Hier leest u de hele tekst:
We all have our own story
We all have our own story of why we’ve come to the profession of education. There’s power in knowing your story, telling your story and hearing each other’s stories. It can be a resource for the powerful fuel to transform schools and reignite one’s sense of purpose and source for passion. This is my story.
One teacher, in particular, changed the way I thought about my self, my school, and my community. She was my beloved middle school teacher, Ms. Dana Barber. Ms. Barber came into my life when I was 12 years old. At the time, I was living in the conservative city of Dallas, Texas. According to the Southern Poverty Law Center, there are 84 hate groups in the state of Texas, with more than half of them being located in the Dallas area. These hate groups include Ku Klux Klan, American Nazi Party, and organizations created with the sole purpose of fighting homosexuality. Just this last Christmas, 15 hate crimes had been reported in Dallas’ Oak Lawn neighborhood within three months.
When I was in 6thgrade my dad came out as a gay man. I was scared for my dad, and my dad was scared for me. He knew all too well what school would be like if people found out about him and our family. This fear was the reason why he had been the closet for all of his life, and while at 40 years old, he was ready to take a risk for his freedom; he didn’t want his children to have to take a risk too. My parents decided that I should keep this particular part of my dad’s identity a secret.
Having to keep a secret left me feeling vulnerable at school. Left and right, hateful slurs were frequently passed around about gay people. I desperately wanted to stand up for what I believed was just, but fear prevented me from doing so. I went from being a lively and vivacious young girl to being deeply sad and scared. I lived in fear that my family would be ostracized, and worst of all, that my father, my glue, my champion, my safety would be harmed.
My parents noticed the dip in my confidence and decided to confide in my 7th and 8th grade Arts and Humanities teacher, Ms. Dana Barber. Ms. Barber was a lesbian and her partner was our track coach, Coach Weems. Because of the culture of hate and fear in my hometown, Coach Weems and Ms. Barber kept their relationship a secret. I vividly remember the parent-teacher-student conference when my parents shared with Ms. Barber my current struggles. I was trusted enough to keep Ms. Barber’s secret, and she was trusted enough to keep mine. With Ms. Barber, I felt like a weight had been lifted for me – she knew, and she embraced my family for who we were.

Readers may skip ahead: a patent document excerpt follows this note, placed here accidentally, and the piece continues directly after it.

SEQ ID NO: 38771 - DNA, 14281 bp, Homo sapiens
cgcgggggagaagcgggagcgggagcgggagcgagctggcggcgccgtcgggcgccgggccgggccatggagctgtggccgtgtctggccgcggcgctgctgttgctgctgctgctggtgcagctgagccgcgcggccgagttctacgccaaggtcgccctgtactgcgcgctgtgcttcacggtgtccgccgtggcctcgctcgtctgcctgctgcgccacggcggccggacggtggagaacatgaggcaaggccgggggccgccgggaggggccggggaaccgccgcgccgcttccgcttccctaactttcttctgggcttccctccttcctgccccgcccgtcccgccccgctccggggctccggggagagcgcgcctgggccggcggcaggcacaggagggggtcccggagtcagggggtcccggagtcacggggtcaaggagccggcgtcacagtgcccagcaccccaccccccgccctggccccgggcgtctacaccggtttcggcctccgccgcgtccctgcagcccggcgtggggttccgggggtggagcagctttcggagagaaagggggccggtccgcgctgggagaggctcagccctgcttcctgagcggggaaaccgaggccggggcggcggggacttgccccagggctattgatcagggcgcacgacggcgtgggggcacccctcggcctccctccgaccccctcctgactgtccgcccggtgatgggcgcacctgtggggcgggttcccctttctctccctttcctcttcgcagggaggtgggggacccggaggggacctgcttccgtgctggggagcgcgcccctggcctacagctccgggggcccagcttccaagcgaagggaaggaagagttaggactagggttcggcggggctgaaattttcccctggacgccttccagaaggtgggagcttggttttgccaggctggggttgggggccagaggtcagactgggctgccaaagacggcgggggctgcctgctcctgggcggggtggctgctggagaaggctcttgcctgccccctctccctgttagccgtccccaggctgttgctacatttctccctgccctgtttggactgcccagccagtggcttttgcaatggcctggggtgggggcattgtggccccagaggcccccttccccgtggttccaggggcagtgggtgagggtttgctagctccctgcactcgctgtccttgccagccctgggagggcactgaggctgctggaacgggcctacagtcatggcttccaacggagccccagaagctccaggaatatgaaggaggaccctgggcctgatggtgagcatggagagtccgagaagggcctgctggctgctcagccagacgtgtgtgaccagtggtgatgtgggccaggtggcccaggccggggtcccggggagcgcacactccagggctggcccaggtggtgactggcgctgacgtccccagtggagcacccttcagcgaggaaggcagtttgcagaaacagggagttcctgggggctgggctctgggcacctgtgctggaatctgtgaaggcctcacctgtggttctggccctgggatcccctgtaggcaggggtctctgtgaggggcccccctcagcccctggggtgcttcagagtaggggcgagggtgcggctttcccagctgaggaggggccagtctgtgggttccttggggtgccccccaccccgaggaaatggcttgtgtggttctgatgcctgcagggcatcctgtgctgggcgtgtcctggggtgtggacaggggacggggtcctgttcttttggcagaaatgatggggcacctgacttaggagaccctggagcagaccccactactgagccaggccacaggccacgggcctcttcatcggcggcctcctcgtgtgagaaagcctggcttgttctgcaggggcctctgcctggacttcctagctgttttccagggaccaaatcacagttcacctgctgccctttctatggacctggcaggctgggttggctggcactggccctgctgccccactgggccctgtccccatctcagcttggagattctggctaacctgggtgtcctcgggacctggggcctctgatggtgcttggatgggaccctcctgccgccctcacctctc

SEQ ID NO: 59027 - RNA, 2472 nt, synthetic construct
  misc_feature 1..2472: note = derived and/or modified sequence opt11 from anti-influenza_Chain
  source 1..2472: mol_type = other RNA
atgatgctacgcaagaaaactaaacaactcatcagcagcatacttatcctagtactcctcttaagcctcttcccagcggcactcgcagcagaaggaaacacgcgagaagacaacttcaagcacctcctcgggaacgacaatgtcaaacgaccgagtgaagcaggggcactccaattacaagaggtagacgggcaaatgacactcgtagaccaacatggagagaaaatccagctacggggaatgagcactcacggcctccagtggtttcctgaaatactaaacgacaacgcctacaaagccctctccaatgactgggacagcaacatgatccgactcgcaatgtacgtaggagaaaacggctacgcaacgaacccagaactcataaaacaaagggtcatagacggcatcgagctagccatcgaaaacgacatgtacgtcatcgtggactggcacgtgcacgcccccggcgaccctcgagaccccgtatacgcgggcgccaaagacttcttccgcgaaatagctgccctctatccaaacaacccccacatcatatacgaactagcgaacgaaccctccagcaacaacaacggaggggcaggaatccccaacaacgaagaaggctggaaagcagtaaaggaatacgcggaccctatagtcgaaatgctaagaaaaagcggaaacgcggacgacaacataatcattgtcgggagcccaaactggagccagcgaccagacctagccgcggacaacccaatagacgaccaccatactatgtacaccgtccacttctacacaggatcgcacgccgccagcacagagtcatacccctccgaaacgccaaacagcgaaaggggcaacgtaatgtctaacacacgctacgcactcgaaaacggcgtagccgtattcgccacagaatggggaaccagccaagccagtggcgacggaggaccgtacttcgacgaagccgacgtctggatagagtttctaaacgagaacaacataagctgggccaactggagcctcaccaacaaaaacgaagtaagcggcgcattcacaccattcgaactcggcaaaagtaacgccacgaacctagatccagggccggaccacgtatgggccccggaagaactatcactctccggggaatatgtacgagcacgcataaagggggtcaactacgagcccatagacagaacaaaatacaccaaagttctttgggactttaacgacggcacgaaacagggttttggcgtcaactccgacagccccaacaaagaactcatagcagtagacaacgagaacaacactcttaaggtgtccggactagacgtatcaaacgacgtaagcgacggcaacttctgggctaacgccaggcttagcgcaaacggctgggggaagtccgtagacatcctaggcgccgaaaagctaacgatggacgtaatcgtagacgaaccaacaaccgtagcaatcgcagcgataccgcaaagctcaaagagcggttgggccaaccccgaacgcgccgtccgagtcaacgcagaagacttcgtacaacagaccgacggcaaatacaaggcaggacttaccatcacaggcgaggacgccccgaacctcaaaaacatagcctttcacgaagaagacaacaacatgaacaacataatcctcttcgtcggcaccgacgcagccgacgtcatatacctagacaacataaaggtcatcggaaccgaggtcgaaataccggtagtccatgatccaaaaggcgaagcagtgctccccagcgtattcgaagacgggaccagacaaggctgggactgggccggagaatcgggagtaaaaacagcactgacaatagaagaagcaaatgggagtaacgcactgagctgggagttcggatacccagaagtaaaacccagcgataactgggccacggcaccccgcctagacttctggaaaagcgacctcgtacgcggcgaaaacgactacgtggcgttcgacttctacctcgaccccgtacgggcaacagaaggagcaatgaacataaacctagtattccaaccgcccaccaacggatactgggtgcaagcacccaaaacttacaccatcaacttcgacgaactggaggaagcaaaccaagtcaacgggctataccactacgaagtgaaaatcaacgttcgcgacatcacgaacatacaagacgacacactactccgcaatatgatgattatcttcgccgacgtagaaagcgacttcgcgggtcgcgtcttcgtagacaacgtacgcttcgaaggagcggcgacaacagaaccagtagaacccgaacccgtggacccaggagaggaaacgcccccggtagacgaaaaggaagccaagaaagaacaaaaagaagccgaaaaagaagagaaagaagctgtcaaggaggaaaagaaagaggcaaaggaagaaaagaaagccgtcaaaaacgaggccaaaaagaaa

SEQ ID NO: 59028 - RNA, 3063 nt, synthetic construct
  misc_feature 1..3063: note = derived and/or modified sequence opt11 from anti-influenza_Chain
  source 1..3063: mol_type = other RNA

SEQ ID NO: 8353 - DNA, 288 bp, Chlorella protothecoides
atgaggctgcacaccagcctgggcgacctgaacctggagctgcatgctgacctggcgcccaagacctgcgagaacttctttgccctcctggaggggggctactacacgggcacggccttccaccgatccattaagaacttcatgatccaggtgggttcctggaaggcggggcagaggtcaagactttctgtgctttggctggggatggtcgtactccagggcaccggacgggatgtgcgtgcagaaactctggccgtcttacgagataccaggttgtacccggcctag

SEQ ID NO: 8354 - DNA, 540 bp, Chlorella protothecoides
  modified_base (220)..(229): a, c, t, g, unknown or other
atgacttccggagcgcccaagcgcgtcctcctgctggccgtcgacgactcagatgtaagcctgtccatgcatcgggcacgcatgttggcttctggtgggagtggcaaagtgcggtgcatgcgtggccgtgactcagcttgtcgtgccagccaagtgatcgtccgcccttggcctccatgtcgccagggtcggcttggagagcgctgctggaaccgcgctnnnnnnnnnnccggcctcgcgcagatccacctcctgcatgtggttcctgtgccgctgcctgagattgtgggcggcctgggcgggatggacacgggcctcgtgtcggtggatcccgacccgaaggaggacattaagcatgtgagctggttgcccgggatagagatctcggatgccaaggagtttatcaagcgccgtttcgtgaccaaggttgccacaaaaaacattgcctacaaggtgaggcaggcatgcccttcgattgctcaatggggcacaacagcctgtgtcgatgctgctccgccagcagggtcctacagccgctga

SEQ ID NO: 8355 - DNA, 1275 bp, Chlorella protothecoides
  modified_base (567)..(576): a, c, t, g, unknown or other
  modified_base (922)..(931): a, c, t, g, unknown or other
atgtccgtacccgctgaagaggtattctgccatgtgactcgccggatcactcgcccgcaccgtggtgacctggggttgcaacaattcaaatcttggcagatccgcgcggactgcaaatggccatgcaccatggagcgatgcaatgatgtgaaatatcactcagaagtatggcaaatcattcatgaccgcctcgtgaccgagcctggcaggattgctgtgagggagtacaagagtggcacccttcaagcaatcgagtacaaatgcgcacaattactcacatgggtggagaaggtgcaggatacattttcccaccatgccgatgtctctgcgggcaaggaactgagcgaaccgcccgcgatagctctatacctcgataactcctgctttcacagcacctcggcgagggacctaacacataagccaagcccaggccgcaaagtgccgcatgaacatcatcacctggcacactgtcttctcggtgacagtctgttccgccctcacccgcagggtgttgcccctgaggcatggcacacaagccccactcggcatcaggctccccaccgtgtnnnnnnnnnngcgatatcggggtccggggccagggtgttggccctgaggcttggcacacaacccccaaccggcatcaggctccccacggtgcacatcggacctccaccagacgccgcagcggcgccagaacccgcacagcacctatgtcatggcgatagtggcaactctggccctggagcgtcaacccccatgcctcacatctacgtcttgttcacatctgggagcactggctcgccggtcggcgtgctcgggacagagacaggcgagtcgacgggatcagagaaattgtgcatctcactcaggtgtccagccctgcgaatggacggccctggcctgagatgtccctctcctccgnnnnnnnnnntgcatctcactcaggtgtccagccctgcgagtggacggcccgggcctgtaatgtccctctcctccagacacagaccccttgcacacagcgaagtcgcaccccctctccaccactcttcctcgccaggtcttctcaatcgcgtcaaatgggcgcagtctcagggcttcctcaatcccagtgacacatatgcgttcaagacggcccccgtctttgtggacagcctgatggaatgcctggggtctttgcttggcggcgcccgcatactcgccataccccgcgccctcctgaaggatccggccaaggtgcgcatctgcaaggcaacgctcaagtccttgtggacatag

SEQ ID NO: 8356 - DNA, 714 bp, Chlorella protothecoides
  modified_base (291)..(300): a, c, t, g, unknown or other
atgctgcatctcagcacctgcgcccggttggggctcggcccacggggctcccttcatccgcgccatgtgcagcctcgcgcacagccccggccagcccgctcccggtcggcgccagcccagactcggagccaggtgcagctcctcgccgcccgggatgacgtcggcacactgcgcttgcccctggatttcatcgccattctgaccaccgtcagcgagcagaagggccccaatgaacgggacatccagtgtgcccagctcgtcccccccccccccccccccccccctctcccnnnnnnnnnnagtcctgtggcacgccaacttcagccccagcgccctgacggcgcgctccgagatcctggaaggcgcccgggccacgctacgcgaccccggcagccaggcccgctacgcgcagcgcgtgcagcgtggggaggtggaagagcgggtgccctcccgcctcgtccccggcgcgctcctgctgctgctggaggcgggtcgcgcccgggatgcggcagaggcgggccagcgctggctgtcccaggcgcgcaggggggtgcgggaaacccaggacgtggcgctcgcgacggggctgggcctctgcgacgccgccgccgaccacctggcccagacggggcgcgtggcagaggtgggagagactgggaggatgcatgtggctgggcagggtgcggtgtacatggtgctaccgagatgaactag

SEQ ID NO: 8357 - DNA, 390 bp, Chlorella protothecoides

Ms. Barber took me under her wing. She offered her classroom as a place where I could go if I ever needed to talk. She reached out to me when she noticed me struggle. She was funny, she was bright and she was thoughtful. Ms. Barber provided a safe classroom and developed a strong relationship with me on the basis of trust. She provided me with enough comfort, so that I could take intellectual risks. I was not the only student who benefitted from her gifts. I remember other students seeking out her guidance, and I remember her being a champion for all sorts of students. She used to have two posters in her classroom: “To be great, surround yourself with great people.” “To achieve, you must first believe.” We all flourished in her classroom and gained the confidence needed to tackle adolescence, and this led to me flourishing academically.
In my current practice as a teacher, Ms. Barber is alive. Today, I am a 7th and 8th grade Arts and Humanities teacher at the Francis W. Parker Charter Essential School in Devens, Massachusetts. A few years ago, I taught a student named Thomas. When Thomas was in 6th grade, Thomas’ mother died of cancer. Thomas became my student a year later when he was 12 years old. Thomas was off the wall. In American culture, he would be compared to Dennis the Menace or Bart Simpson. He was mischievous, always off task, always seeking out fun, and always with the ladies. He was what we what we call in America, a “stinker”. Thomas struggled with school. He never did his homework, never raised his hand in class, and had a narrative of apathy and mistrust. He lacked confidence, and sought ways to belong through acting out and eventually through engaging in drugs and alcohol.